But, in a larger sense, we can not dedicate, we can not consecrate, we can not hallow this ground. The brave men, living and dead, who struggled here, have consecrated it, far above our poor power to add or detract. The world will little note, nor long remember what we say here, but it can never forget what they did here. It is for us the living, rather, to be dedicated here to the unfinished work which they who fought here have thus far so nobly advanced. It is rather for us to be here dedicated to the great task remaining before us-that from these honored dead we take increased devotion to that cause for which they gave the last full measure of devotion-that we here highly resolve that these dead shall not have died in vain-that this nation, under God, shall have a new birth of freedom-and that government of the people, by the people, for the people, shall not perish from the earth.

TDS/TCR (Nobody can fake being such an annoying dick all the time)


Water, Water, Everywhere, But not a drop for the poors (ah, let’s just face it) Black People.

Bernie Sanders

The real news, Laura Poitras’ 2 part web exclusive extended interview, and this week’s guests below.

Ratmach Needs Our Help

Our dearest friend poor ratmach is trapped under ten feet of snow in Buffalo.

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Poor guy.

What a shitty time to be a fucking Bills fan!

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Can the US political system deal with climate change?

The American “system” has been a bit tardy in its response to climate change. Experts tell us that the longer it takes to make needed changes, the more difficult it will be to make them.

As 350.org’s Bill McKibben puts it:

We’re talking about a fight between human beings and physics. And physics is entirely uninterested in human timetables. Physics couldn’t care less if precipitous action raises gas prices, or damages the coal industry in swing states. It could care less whether putting a price on carbon slowed the pace of development in China, or made agribusiness less profitable.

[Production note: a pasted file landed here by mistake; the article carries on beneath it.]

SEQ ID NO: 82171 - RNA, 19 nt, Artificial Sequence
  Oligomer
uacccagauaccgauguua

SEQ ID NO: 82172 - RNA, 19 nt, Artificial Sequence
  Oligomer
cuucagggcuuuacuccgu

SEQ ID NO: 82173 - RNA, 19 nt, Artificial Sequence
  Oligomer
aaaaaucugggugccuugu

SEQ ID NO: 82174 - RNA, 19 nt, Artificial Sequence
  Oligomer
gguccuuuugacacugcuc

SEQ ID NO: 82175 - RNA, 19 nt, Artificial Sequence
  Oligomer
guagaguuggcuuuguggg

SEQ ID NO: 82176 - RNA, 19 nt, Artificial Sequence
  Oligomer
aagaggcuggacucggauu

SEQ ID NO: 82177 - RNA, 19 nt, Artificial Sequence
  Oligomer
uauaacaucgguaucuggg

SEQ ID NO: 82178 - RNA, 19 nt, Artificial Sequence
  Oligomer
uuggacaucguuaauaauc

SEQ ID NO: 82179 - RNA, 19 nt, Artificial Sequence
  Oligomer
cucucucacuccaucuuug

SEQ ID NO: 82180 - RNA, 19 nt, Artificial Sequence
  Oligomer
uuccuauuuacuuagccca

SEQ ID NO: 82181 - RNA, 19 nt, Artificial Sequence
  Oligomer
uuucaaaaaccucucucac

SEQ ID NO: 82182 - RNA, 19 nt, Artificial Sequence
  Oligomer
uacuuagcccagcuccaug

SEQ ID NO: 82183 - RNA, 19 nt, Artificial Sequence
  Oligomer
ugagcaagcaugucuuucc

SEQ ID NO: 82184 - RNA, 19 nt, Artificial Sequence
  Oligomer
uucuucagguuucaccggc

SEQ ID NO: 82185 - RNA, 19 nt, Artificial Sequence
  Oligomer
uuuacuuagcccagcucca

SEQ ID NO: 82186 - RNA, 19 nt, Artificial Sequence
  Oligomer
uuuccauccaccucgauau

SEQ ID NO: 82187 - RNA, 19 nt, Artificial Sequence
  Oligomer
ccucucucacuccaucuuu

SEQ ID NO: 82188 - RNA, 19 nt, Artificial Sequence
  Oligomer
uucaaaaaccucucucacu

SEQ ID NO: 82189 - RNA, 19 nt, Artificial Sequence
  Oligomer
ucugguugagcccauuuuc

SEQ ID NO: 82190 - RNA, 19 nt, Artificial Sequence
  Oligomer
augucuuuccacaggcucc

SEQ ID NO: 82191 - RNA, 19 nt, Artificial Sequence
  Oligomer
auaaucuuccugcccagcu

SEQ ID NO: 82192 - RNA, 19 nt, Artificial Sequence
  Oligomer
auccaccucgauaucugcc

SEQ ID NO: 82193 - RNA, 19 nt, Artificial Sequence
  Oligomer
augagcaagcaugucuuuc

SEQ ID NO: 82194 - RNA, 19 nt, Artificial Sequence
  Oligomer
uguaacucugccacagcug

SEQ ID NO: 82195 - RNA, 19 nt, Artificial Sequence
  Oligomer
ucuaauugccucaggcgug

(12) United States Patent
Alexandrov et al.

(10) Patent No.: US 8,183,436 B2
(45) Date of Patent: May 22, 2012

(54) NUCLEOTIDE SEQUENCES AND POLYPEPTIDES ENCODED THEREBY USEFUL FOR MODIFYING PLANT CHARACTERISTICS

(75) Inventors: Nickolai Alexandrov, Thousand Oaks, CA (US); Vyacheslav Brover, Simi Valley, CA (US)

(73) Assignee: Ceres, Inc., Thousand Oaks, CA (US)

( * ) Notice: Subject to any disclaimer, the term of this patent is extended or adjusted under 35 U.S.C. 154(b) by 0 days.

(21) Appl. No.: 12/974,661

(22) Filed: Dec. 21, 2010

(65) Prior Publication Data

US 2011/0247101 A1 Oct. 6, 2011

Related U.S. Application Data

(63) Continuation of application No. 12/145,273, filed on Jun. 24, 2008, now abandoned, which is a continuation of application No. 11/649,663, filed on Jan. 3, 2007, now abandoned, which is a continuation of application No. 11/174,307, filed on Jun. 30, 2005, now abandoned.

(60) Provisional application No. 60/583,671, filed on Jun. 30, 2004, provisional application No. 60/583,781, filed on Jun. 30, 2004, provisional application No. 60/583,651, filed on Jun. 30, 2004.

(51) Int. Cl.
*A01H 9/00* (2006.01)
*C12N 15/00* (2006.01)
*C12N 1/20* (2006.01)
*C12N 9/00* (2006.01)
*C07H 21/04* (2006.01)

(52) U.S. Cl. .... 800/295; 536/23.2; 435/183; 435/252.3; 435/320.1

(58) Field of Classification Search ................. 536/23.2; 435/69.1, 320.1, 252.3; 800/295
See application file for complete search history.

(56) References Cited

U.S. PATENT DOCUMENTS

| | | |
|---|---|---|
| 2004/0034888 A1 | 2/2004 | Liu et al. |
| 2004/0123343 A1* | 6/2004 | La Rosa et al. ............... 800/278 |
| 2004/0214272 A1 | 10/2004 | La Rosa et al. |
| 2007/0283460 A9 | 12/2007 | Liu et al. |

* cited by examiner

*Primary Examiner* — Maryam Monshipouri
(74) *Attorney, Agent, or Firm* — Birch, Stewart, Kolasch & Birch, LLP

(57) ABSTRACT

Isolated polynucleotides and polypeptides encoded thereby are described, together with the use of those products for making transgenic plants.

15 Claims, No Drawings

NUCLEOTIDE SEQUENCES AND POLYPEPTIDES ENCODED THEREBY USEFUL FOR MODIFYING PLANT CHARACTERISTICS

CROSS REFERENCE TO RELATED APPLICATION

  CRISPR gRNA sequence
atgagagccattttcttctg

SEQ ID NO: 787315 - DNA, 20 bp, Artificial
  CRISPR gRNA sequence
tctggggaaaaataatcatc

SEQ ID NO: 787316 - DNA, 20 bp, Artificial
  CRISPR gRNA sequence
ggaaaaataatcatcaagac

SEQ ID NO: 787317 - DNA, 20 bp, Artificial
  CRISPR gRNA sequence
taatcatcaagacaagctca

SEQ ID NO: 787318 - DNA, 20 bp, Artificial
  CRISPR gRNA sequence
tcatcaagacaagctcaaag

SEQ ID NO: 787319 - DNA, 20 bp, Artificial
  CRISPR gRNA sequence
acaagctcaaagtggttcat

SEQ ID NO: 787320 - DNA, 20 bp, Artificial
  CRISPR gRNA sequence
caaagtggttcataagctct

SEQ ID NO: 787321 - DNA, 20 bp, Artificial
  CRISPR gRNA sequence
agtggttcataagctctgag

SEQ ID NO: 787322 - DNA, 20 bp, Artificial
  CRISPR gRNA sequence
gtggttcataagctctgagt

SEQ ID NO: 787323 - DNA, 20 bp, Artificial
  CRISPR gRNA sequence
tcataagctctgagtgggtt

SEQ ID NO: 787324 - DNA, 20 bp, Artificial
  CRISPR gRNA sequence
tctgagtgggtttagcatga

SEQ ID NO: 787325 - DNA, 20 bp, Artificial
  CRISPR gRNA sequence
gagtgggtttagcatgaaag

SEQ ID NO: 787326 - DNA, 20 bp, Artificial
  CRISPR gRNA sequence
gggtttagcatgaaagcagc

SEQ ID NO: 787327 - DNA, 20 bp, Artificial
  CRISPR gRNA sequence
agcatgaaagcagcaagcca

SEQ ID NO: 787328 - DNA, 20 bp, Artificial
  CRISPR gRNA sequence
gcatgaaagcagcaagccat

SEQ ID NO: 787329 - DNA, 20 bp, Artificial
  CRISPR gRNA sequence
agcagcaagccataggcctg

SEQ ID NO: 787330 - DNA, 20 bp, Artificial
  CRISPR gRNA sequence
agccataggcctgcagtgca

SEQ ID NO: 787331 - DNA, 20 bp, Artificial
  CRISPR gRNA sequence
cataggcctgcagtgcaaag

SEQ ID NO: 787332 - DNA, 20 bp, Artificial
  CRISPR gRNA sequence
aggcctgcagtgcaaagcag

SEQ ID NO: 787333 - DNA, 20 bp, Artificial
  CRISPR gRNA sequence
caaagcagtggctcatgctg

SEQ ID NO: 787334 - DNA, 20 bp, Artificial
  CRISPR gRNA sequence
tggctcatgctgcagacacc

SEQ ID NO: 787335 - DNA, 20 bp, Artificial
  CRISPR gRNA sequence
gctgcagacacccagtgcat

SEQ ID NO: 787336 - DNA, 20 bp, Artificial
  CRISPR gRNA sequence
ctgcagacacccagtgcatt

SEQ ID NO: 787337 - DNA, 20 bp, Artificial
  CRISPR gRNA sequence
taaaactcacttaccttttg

Physics doesn’t understand that rapid action on climate change threatens the most lucrative business on Earth, the fossil fuel industry. It’s implacable. It takes the carbon dioxide we produce and translates it into heat, which means into melting ice and rising oceans and gathering storms. And unlike other problems, the less you do, the worse it gets.  Do nothing and you soon have a nightmare on your hands.

We could postpone healthcare reform a decade, and the cost would be terrible — all the suffering not responded to over those 10 years. But when we returned to it, the problem would be about the same size. With climate change, unless we act fairly soon in response to the timetable set by physics, there’s not much reason to act at all.

Unless you understand these distinctions you don’t understand climate change — and it’s not at all clear that President Obama understands them.

There are lots of reasons why the response of the system has been so slow. There is significant resistance in the system to the sort of changes that need to be made. That resistance has manifested itself in a number of ways, from President Obama using the spies at the NSA to kill global agreements on climate change to the bipartisan popularity of climate change denial in Congress, the media and the public relations industry, despite virtually indisputable scientific evidence.

Resistance is created by a variety of groups based on their perceived interests. Enormously wealthy, powerful corporations and individuals who want to preserve their profits from fossil fuels and related industries, people who rely on jobs created or enabled by fossil fuel industries, people who fear economic chaos and the loss of their comforts due to actions to stop climate change, and politicians whose fortunes depend upon the money and other resources of the fossil fuel industry are some huge sources of systemic inertia.